Another exciting aspect was co-creating specific scenes and storylines for each class group. The collaboration between staff and children allowed a deep sense of ownership for their unique storylines which included gum boot dancers, Harley riders on a toy run to Harties, families braaing round the pool, Jacarandas on display, exquisite stars in the night sky, rugby and soccer and Sixty/60 drivers.

Choosing props and costumes for each scene was a also collaborative and the sense of agency and ownership that shone through was wonderful. Rugby World Cup fever added an extra punch to our Ellis Park scenes and the collective sense of pride and patriotism was evident.

The responsibility of weaving the golden thread between each scene fell on our incredibly talented narrators, the four hadedas, who told the story of Jozi’s magic from their birds-eye (point of) view. The success behind this process lies in co-creating the script by adding lines to enhance a scene or tweaking those that don’t flow.

Using the script as a guideline and building on the ideas from the children during rehearsals results in a deep sense of ownership for all players. Their quiet confidence, their focus and commitment to their roles, their ability to memorise all their lines and their stage presence blew us away, especially considering they are only five-years old!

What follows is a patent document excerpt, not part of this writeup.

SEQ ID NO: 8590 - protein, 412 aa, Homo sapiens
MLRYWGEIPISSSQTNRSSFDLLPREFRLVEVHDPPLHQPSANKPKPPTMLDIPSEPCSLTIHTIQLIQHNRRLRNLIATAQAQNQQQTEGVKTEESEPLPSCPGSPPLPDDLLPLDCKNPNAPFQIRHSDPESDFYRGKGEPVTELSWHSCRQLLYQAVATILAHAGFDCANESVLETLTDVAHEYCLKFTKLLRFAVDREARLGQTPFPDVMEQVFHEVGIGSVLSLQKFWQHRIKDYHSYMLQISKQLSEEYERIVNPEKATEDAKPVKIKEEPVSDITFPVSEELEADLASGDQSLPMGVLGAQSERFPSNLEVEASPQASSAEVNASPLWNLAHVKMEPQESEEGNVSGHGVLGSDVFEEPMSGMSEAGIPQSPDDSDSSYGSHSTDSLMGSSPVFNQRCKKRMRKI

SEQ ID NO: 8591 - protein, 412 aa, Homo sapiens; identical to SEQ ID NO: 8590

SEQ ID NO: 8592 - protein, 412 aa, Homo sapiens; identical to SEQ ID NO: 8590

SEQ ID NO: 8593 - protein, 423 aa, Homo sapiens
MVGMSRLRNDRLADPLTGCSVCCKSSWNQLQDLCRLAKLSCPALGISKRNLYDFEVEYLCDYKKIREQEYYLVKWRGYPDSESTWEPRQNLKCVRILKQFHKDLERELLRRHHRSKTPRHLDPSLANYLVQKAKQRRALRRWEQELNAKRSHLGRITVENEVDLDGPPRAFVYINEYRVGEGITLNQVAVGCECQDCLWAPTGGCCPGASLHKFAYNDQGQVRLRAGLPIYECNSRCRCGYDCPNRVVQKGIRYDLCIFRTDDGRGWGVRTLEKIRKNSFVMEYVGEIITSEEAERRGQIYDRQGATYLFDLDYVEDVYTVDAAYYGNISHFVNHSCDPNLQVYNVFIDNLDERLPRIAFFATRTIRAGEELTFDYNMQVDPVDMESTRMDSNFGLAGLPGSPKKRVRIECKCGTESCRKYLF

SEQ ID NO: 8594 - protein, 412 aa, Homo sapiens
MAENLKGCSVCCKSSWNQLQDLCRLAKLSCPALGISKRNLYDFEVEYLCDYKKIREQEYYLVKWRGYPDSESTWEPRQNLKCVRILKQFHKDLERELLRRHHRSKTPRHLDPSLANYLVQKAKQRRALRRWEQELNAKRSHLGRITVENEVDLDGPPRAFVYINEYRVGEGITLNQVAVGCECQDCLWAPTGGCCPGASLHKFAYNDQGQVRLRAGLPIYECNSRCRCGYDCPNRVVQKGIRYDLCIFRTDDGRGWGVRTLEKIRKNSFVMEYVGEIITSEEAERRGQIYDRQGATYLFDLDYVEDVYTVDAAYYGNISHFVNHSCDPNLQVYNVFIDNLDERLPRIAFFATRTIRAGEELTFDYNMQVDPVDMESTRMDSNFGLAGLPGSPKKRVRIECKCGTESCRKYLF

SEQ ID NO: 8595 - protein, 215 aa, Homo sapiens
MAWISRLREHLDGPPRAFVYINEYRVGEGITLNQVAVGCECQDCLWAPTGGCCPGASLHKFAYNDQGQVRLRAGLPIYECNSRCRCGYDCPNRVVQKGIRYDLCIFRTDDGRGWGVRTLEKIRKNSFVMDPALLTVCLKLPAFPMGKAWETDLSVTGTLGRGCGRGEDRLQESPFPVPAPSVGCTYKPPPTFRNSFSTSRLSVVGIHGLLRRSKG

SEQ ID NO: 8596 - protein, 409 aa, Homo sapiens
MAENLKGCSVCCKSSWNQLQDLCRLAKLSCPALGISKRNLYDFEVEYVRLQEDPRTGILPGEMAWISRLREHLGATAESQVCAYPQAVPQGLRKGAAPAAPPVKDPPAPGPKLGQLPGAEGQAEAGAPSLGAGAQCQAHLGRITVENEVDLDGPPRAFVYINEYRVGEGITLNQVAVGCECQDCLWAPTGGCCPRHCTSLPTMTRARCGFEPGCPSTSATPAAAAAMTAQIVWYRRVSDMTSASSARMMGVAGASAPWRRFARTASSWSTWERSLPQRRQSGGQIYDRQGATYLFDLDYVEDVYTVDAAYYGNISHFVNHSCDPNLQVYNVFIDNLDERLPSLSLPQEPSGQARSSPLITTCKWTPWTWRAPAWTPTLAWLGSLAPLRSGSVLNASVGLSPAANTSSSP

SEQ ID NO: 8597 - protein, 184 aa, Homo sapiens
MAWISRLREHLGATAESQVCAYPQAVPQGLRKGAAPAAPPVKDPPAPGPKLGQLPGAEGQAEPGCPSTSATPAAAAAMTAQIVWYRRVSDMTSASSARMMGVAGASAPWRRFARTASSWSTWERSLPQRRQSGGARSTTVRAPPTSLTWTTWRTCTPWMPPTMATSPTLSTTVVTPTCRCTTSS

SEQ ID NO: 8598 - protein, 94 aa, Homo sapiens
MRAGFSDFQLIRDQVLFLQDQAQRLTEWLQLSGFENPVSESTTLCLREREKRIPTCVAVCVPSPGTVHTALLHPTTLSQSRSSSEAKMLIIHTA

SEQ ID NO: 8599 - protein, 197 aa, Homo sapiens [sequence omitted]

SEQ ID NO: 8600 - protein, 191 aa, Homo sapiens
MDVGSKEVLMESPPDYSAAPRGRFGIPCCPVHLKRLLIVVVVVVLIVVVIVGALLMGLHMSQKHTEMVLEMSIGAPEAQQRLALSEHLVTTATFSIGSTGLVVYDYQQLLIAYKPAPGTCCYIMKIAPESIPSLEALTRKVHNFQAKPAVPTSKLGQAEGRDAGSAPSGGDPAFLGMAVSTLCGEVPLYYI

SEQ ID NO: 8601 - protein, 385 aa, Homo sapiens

The magic of stagecraft

After four weeks of rehearsals at school, our children were ready for the next step in the journey. Introducing them to the world of theatre with a real live audience which enabled them to transfer their learning and see it all come to life.

Every performance showcased the enormous growth in the childrens’ confidence, resilience, ability to focus, memory recall, creativity and talents. Watching their delight in the audiences’ response was heart-warming and deeply rewarding.

In the closing words of Harry the Hadeda and his wife, Ladida:

  • HARRY: We’ve seen it all in this city of gold Alive and vibrant – BRAVE and bold
  • LADIDA: There’s joy everywhere – it shines out of your hearts. Everyone helping and doing their part
  • HARRY: You’ve got it my friends, that’s Jozi for you. Growing and changing – always new
  • LADIDA: So, let’s clap and cheer for Jozi delight. A home for us all – our future so bright!